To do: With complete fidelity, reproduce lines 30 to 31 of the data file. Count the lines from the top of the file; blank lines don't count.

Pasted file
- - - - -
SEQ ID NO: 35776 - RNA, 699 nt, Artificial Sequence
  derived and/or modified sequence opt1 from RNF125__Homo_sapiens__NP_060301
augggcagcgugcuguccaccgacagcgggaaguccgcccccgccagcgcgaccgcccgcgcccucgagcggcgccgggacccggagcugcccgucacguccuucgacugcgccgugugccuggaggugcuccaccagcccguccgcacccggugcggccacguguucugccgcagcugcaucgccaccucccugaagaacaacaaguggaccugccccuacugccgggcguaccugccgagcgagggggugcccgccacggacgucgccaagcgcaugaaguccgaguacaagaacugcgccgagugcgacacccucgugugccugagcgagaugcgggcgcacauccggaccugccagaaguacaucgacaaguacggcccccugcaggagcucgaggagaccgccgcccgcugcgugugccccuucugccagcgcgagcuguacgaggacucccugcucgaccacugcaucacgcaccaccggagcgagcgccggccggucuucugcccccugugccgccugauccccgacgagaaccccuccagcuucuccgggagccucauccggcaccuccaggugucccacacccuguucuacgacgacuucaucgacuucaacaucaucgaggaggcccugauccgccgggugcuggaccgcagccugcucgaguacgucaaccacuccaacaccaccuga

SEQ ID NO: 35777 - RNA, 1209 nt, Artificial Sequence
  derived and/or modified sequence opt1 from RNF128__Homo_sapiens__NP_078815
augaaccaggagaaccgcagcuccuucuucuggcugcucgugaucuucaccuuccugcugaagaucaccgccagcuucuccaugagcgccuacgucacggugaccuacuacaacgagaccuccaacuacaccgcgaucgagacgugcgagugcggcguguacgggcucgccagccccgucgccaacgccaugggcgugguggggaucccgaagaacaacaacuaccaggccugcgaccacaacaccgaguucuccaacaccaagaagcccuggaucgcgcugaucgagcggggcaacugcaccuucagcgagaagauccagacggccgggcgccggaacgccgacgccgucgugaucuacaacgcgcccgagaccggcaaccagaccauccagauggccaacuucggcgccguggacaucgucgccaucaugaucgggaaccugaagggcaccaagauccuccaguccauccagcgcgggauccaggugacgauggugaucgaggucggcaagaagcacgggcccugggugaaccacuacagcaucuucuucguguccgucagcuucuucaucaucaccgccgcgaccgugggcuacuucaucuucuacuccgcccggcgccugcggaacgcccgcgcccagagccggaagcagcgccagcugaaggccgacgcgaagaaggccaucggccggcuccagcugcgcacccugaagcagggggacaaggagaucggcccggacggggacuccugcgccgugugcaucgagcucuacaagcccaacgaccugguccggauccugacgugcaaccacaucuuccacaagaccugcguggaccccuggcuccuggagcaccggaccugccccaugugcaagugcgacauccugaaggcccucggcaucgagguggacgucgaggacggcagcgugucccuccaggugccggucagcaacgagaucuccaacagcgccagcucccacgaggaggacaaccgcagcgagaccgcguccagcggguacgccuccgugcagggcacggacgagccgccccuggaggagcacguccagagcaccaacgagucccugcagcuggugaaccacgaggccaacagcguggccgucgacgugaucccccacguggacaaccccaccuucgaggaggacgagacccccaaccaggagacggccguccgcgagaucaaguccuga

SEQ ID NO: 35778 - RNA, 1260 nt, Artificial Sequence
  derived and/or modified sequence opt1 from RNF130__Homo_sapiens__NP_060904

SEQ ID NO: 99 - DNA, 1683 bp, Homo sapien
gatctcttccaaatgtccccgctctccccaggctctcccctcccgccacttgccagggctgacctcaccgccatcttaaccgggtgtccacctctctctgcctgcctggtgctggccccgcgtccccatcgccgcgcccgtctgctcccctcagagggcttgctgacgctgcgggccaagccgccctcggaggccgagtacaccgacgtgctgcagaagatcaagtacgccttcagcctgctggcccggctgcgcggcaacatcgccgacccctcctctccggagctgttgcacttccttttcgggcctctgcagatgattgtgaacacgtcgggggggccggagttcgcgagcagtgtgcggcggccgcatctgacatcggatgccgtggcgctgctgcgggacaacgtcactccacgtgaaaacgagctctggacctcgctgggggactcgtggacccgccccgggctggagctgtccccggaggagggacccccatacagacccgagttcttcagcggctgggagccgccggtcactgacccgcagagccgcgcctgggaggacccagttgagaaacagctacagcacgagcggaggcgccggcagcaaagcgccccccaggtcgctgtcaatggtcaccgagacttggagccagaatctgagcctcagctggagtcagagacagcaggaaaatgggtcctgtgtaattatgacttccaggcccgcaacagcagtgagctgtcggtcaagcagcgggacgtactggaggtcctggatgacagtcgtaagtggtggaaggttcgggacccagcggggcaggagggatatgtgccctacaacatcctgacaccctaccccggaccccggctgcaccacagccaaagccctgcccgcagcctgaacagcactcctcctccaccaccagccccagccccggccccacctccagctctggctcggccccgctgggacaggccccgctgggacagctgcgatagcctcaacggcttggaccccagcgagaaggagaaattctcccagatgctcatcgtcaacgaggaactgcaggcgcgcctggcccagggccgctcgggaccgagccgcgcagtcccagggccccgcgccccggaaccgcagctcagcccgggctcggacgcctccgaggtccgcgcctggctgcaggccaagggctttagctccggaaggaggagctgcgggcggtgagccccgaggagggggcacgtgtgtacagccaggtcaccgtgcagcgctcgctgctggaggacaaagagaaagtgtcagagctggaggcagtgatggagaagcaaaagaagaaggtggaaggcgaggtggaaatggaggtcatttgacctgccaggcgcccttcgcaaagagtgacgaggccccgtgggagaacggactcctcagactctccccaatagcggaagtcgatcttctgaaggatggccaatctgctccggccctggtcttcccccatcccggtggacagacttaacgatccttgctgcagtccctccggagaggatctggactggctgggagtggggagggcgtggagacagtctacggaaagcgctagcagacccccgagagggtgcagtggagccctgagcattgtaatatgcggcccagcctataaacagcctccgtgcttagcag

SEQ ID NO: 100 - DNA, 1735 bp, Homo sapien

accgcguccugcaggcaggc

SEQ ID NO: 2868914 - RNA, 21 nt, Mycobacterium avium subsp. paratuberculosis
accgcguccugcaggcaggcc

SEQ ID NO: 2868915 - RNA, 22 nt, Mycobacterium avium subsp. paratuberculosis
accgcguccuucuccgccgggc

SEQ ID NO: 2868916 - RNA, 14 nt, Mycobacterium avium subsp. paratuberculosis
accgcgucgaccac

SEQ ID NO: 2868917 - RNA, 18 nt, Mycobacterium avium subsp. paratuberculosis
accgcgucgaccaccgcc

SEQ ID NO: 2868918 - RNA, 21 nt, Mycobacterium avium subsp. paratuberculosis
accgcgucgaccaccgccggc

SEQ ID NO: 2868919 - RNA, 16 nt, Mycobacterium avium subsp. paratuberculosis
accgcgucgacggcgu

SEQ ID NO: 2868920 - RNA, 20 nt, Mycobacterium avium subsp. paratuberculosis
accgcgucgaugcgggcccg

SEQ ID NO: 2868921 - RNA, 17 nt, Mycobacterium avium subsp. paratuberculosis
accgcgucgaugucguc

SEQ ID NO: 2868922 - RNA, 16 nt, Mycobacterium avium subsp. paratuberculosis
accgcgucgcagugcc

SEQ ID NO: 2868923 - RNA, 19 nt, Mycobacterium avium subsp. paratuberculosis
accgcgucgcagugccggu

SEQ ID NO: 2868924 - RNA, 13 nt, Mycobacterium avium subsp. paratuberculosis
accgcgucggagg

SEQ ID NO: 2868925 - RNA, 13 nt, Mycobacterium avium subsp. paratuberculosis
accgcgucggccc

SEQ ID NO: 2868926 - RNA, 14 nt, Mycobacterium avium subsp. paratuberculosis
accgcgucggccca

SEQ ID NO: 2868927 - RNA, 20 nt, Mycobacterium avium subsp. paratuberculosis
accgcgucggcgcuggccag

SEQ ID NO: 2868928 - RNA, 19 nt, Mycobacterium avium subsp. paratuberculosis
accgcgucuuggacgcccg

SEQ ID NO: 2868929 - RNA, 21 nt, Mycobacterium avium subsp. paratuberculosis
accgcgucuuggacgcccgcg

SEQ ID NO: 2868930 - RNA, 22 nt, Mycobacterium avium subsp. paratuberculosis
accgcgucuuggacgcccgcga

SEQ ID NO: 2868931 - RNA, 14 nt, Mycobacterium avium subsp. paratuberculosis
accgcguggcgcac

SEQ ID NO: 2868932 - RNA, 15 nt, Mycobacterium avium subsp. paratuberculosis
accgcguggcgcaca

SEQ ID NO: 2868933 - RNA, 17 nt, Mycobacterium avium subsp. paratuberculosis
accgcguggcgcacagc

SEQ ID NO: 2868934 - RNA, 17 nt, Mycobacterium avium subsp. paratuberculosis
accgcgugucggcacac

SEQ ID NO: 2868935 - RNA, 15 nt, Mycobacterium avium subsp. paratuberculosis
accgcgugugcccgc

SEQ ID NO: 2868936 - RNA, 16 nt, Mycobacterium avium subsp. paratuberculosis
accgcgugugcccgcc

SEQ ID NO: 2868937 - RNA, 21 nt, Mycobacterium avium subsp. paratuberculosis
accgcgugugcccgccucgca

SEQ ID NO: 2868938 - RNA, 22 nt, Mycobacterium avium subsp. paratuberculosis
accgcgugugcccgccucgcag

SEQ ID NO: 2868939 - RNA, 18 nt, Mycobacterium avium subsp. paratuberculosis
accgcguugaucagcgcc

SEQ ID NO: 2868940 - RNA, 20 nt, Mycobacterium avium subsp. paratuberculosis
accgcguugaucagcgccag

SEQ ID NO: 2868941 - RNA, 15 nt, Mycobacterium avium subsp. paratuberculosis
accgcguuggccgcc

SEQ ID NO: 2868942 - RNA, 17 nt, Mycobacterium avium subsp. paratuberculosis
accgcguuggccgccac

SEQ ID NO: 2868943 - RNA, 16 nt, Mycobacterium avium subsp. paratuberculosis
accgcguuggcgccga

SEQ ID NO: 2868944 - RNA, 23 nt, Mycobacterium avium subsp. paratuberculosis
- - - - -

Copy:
accgcgucgcagugcc

SEQ ID NO: 2868923 - RNA, 19 nt, Mycobacterium avium subsp. paratuberculosis